That growth will come from people like Sophie Gilliam, a UNC-Chapel Hill senior who goes out at least twice a week. To her, it’s the light taste and easy drinking of cider that makes it her go-to.

“You go up, all your friends are ordering it, and you’re like, ‘That sounds good!’” Gilliam said. “And everyone ends up kind of sipping on the same thing. It’s just way more fun to drink.”

Much of cider’s market share is taken up by large companies such as Angry Orchard and Bold Rock, but Angry Orchard’s market share decreased year over year in 2021, according to SevenFifty Daily, which covers the alcoholic beverage industry.

Even if large cideries continue to dominate the market, it’s only good news for craft cidermakers like Smith—as the big boys open the doors, the craft makers can squeeze in and find their niche. Most of the well-known national brands, for example, tend to add sugar and carbonation.

“We used to joke that those are what we would call ‘gateway ciders,’” said David Thornton, the co-owner of James Creek Cider House in Cameron, North Carolina. “We don’t make anything that’s as sweet as what you’ll see on the shelves at the supermarket.”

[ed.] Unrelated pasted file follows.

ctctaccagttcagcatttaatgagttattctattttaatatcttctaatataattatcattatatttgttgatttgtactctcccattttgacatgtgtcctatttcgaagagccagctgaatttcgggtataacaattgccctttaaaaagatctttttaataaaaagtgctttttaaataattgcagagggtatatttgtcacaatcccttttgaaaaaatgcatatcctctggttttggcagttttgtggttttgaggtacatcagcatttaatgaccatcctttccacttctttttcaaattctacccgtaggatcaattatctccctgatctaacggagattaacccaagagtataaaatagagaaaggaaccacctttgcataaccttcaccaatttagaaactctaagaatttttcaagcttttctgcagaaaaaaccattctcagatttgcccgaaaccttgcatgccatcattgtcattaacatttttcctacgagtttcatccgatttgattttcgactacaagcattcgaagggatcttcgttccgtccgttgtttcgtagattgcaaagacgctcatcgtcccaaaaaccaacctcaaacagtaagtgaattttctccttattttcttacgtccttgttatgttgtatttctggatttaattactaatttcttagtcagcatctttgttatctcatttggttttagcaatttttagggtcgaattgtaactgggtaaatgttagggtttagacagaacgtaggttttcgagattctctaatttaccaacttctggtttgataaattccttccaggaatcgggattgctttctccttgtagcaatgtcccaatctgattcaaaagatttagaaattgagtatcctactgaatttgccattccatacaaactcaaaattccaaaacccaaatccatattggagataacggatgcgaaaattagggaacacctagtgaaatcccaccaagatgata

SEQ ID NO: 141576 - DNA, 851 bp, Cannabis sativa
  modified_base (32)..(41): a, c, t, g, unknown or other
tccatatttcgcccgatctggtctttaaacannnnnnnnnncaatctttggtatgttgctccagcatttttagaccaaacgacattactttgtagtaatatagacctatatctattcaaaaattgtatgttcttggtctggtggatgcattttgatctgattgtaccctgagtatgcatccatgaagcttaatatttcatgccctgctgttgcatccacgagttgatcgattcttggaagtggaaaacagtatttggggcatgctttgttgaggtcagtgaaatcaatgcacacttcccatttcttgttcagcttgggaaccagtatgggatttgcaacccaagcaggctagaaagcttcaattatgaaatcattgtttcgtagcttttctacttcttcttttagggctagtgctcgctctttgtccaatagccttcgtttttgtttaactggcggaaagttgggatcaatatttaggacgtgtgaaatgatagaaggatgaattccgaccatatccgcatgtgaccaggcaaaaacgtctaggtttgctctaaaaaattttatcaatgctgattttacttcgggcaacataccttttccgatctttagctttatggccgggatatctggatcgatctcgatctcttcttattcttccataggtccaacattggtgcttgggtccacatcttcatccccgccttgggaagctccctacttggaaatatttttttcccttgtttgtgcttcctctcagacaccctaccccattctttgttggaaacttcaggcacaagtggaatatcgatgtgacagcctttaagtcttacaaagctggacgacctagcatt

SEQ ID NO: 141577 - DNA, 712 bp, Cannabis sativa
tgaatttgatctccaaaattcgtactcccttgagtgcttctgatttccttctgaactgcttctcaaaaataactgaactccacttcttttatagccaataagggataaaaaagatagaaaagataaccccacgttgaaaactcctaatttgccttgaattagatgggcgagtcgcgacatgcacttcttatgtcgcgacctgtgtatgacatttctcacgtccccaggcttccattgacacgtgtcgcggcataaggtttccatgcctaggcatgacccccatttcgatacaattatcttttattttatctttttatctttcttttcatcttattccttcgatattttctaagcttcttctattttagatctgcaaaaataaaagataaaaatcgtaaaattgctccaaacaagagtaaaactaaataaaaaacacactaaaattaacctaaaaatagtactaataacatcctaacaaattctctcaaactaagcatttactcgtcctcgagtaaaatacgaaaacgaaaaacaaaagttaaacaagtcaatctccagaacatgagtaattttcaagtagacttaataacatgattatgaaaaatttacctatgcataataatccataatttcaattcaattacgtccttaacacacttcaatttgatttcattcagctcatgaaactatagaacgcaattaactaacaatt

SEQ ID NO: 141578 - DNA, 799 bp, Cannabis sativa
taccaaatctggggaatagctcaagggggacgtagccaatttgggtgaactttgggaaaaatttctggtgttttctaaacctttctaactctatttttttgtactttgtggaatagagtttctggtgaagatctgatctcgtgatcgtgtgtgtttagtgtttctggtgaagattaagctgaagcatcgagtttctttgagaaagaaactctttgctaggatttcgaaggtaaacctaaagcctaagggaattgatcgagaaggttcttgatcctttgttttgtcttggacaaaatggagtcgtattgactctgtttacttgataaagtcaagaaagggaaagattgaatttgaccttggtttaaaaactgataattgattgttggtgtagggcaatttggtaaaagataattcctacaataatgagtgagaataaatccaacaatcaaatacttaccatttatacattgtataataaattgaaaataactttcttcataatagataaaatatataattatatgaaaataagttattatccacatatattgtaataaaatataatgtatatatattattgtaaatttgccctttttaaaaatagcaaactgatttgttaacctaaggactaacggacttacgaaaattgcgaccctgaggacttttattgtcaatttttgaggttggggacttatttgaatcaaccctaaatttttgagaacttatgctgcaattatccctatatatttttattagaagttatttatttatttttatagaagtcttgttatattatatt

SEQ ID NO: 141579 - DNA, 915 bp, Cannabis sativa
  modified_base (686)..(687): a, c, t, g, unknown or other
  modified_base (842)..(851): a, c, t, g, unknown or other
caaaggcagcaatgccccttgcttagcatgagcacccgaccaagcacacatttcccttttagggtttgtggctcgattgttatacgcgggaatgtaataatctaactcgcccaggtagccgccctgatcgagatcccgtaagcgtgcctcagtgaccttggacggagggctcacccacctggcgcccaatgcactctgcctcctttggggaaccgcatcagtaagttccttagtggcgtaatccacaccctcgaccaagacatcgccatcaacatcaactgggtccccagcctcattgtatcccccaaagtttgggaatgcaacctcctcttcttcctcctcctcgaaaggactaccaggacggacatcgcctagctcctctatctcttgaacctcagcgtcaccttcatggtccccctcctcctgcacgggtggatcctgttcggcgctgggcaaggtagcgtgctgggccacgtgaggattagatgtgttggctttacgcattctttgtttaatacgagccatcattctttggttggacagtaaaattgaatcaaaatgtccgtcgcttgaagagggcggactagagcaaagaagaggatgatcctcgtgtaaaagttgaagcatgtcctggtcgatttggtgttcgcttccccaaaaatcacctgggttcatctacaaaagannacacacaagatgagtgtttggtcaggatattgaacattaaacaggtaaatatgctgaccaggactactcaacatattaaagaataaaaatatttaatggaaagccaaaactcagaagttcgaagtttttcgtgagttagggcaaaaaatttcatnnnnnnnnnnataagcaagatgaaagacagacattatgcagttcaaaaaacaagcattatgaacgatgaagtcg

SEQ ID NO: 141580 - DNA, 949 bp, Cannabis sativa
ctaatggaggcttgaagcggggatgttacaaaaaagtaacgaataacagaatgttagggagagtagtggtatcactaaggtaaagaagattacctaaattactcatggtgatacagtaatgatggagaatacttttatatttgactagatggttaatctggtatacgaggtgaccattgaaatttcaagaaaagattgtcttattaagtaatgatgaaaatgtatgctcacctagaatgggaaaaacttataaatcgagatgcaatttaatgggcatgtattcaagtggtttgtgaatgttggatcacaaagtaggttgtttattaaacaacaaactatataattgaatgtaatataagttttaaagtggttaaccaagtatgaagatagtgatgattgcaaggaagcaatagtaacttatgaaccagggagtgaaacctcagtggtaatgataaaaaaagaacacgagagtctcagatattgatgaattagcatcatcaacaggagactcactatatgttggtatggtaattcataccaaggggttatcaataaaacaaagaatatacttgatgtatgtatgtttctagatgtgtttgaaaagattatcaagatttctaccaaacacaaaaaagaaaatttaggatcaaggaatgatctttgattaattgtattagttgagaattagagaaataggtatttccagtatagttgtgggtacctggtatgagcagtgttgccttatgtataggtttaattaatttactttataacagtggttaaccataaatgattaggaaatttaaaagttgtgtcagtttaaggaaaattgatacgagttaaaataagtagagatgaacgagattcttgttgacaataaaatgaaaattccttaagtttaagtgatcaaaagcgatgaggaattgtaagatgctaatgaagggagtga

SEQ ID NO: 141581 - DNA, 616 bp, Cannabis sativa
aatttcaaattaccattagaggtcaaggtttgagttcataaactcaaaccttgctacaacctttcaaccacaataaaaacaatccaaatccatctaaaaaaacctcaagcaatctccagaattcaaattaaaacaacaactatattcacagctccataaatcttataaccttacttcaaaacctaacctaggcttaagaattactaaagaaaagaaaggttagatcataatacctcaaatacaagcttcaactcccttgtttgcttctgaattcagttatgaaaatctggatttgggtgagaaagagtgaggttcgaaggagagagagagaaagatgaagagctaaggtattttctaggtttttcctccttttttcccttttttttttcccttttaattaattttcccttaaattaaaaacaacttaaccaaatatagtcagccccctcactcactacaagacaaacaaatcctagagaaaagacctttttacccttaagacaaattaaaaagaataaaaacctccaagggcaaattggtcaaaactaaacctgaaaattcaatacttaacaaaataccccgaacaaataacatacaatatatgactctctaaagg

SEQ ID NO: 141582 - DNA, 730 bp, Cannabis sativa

Thornton and his wife and business partner, Ann Marie Thornton, launched their cider in 2016 and are currently running two labels—their James Creek small-batch ciders made with entirely self-grown produce and their Stargazer label made with a mix of differently sourced apples.

“There’s a bunch of local craft breweries who have our cider on tap,” Ann Marie Thornton said. “And I think their clientele is looking for that taste experience or is looking for something original. And so our cider fits into the whole profile of what they’re offering.”

Being craft means embracing the differences that arise in each batch, even in the face of potential crises.

Last year, the Thorntons, along with the rest of North Carolina, were struck by a “lousy” apple harvest brought on by a mix of factors including cold temperatures. What apples did grow weren’t suitable for any of the three seasonal ciders James Creek usually puts out, so instead the Thorntons embraced the differences and put out a Whippoorwill blend with their “weird” apples.